President Emmanuel Macron was struggling to retain control of France’s National Assembly on Sunday night, with pollsters’ projections for the final round of the legislative election showing unexpectedly poor results for his centrist Ensemble (Together) alliance and strong showings by a resurgent left and the far right.
An Ipsos-Sopra-Steria projection for French broadcasters forecast that Macron’s alliance would win 224 seats in the National Assembly, well short of the 289 needed for a majority. The left-green alliance formed by far-left politician Jean-Luc Mélenchon — the New Ecological and Social People’s Union (Nupes) — is set to become the main opposition party with an estimated 149 seats.
Marine Le Pen’s far-right Rassemblement National is the big surprise of the night and is forecast to win 89 seats — more than 10 times as many as it did in the last legislative elections in 2017. The conservative Les Républicains and its partners are given 78, better than expected.
If confirmed by the final results, the outcome means that Macron will need to strike deals with other parties in the National Assembly to pass legislation over the next five years and that his ministers will face a turbulent ride in parliamentary debates.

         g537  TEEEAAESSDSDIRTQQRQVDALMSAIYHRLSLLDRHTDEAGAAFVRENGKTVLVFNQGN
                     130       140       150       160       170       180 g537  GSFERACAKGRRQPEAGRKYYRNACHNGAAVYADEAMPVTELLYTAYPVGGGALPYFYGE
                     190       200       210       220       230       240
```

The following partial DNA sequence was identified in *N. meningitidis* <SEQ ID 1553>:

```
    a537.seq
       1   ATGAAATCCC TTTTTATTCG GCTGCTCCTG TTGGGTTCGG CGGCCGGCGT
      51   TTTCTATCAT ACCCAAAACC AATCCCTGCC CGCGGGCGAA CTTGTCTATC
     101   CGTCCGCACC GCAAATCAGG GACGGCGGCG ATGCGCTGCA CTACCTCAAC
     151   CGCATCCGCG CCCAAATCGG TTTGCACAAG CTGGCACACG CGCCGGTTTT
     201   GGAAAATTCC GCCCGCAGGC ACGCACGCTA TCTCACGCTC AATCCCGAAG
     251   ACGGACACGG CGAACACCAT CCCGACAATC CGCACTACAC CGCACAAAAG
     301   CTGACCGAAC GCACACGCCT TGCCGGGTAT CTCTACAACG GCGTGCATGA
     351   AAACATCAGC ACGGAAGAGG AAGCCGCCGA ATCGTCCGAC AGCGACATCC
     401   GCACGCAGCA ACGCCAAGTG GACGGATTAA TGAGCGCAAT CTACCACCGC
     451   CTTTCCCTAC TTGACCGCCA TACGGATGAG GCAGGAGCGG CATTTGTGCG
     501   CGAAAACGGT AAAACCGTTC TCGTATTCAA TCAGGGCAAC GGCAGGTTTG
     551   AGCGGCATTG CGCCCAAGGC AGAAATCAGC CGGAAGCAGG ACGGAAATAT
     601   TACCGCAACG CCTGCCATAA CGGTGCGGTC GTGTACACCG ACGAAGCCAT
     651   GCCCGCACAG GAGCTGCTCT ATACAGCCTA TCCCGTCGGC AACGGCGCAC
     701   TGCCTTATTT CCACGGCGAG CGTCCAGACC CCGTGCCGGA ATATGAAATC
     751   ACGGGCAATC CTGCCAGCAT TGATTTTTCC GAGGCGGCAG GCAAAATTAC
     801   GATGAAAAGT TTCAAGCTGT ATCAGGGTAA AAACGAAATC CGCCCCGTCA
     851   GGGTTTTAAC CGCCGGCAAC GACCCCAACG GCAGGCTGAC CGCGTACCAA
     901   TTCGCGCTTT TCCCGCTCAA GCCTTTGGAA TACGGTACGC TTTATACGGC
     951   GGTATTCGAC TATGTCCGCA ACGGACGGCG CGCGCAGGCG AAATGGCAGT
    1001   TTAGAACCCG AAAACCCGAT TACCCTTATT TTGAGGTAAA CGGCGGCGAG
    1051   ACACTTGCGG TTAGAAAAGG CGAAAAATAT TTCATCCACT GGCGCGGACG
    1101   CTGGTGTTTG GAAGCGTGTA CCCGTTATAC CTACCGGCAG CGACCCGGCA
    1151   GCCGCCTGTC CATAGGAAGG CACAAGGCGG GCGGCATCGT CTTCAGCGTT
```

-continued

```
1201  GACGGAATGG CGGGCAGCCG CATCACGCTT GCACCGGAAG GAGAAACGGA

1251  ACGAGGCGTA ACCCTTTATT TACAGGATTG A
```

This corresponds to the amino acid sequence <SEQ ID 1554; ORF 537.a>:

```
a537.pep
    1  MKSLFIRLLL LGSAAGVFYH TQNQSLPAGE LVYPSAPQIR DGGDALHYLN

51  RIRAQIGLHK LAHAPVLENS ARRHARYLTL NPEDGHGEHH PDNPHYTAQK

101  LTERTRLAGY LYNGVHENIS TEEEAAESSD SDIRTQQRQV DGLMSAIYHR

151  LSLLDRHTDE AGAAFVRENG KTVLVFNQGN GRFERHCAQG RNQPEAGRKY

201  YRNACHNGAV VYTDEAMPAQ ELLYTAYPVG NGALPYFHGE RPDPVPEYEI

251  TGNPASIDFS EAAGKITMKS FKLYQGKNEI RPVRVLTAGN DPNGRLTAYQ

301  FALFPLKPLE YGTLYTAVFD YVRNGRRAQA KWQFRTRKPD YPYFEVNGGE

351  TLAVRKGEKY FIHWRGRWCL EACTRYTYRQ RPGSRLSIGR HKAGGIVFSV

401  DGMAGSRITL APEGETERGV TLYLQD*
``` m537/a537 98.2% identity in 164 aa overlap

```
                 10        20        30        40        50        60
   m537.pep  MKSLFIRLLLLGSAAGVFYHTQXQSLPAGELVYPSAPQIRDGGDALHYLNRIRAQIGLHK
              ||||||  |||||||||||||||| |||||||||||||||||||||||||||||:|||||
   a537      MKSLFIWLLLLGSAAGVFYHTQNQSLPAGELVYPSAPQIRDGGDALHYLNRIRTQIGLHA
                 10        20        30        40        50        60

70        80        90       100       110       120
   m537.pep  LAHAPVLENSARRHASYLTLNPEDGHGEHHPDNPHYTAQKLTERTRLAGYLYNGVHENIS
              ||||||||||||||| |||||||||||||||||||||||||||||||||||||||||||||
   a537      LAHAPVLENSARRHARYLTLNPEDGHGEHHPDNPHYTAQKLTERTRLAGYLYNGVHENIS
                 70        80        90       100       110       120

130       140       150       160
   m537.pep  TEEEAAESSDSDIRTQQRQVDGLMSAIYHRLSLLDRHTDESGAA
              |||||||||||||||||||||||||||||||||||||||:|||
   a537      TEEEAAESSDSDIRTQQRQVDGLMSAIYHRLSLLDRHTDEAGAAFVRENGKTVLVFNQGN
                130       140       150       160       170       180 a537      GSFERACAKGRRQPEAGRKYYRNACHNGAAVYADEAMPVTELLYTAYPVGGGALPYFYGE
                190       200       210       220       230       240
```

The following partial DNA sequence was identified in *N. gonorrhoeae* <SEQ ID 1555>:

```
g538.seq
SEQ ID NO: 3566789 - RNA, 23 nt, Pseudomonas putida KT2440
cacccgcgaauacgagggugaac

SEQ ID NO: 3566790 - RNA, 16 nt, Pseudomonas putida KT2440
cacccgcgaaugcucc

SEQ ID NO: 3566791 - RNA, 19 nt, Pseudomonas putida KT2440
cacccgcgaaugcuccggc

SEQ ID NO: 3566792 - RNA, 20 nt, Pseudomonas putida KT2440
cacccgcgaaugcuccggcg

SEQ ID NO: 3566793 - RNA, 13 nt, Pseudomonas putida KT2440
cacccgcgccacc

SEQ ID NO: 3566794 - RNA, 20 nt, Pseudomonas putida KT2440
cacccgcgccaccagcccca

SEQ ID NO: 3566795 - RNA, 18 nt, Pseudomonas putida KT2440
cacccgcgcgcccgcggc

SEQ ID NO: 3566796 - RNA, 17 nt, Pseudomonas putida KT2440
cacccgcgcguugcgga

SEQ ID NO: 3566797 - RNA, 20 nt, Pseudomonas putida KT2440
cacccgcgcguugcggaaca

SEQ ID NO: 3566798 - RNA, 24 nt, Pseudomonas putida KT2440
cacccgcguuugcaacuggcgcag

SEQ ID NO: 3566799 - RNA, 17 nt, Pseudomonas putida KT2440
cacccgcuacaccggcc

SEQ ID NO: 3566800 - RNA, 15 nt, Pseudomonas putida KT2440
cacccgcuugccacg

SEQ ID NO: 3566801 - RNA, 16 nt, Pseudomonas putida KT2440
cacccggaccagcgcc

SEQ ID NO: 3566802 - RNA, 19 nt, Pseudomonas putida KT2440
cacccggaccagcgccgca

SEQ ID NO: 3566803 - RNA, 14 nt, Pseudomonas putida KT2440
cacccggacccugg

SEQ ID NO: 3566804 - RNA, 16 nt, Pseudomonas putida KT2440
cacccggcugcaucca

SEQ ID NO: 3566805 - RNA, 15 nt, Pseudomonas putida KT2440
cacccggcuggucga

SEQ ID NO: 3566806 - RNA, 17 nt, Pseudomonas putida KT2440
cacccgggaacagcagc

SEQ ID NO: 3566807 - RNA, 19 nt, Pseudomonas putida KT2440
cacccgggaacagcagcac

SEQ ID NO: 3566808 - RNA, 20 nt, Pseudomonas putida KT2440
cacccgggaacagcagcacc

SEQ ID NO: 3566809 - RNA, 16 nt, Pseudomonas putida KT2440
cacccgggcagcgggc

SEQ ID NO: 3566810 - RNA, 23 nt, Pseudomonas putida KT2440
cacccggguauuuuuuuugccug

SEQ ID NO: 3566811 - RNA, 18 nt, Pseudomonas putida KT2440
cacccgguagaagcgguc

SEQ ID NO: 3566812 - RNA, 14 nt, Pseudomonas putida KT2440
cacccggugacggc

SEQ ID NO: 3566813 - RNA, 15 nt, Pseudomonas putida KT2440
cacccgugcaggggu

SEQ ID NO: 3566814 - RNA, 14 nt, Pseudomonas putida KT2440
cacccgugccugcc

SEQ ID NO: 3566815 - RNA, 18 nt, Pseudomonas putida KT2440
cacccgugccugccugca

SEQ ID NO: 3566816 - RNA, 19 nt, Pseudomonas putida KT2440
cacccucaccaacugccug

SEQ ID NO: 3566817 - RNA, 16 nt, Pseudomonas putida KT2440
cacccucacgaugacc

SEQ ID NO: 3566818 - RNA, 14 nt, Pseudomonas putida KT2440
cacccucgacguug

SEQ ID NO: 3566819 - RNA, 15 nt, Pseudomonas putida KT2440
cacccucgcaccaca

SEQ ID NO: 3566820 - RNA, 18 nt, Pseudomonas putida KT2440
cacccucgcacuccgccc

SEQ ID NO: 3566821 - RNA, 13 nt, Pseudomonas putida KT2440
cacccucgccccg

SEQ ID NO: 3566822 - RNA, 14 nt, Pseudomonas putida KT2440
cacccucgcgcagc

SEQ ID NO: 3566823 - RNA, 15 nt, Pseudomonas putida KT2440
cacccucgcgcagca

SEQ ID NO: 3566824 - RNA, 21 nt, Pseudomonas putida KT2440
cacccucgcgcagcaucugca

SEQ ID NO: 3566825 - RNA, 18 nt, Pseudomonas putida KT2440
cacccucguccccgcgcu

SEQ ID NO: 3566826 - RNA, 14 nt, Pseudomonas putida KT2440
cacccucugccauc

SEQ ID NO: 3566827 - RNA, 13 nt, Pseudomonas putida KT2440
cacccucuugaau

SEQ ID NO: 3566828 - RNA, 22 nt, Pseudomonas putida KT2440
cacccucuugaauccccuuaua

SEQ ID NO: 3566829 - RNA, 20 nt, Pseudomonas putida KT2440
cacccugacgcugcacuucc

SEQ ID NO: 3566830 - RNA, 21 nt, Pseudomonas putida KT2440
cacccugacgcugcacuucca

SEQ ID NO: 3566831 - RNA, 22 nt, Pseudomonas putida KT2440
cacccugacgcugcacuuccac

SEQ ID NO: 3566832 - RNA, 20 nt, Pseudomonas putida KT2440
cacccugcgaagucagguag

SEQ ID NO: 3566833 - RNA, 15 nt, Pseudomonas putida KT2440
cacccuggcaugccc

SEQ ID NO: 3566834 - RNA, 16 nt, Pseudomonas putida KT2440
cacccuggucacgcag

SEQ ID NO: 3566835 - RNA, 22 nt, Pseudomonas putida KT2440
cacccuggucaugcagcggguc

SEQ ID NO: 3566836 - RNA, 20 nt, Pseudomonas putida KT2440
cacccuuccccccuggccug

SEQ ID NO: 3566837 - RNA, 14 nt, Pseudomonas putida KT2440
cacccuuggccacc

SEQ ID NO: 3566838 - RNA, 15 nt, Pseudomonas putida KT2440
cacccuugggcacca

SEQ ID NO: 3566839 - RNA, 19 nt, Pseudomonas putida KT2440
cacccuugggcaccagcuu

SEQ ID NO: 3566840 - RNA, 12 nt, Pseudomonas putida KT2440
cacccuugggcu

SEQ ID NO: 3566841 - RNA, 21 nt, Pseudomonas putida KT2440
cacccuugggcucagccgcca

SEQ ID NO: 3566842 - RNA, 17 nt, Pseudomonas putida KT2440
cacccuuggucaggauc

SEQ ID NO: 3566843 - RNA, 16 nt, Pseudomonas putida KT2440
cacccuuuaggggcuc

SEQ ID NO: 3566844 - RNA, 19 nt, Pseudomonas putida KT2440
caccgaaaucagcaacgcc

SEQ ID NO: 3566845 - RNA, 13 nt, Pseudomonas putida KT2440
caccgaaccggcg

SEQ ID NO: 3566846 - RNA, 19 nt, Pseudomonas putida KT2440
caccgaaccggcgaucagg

“I’m not going to hide the fact that these results, if confirmed, are far from what we were hoping for,” Gabriel Attal, Macron’s minister for public accounts, told TF1 television. “There’s no absolute majority for any other party either, so it’s something of an unprecedented situation.”
Jordan Bardella, current president of Le Pen’s Eurosceptic, anti-immigration Rassemblement National party, said the RN had made “a historic breakthrough”. He added: “Emmanuel Macron has been beaten, the French don’t want his policies . . . He cannot continue with the same fiscal policy, or migration policy or EU policy.”
Mélenchon’s Nupes — which includes the French Socialist, Communist and green parties as well as his own far-left La France Insoumise (France Unbowed) — will by convention hold the chair of the assembly’s crucial finance committee after replacing the LR as the chief opposition party.
Macron’s Ensemble alliance appears to have won more seats than any other in the assembly, which means the president will probably be spared an unproductive “cohabitation” with a government and prime minister imposed by a hostile parliamentary majority.
As president of the Fifth Republic established under Charles de Gaulle in 1958, he also retains control over national defence and foreign policy.
Macron and his prime minister Élisabeth Borne will, however, need to forge a coalition agreement or temporary deals with other parties — most likely the conservative LR — in order to pass new laws.
That includes the next round of Macron’s economic reforms, including his plan to simplify the costly pension system and increase the official retirement age to 65 from 62 today — a proposal that is bitterly opposed by the left and contested by leading trade unions.
In April, Macron beat Le Pen in the final round of the presidential election to become the first president in 20 years to win a second term. But it now looks likely that he will also be the first since 2002 who has failed to secure a majority in the National Assembly after his own election.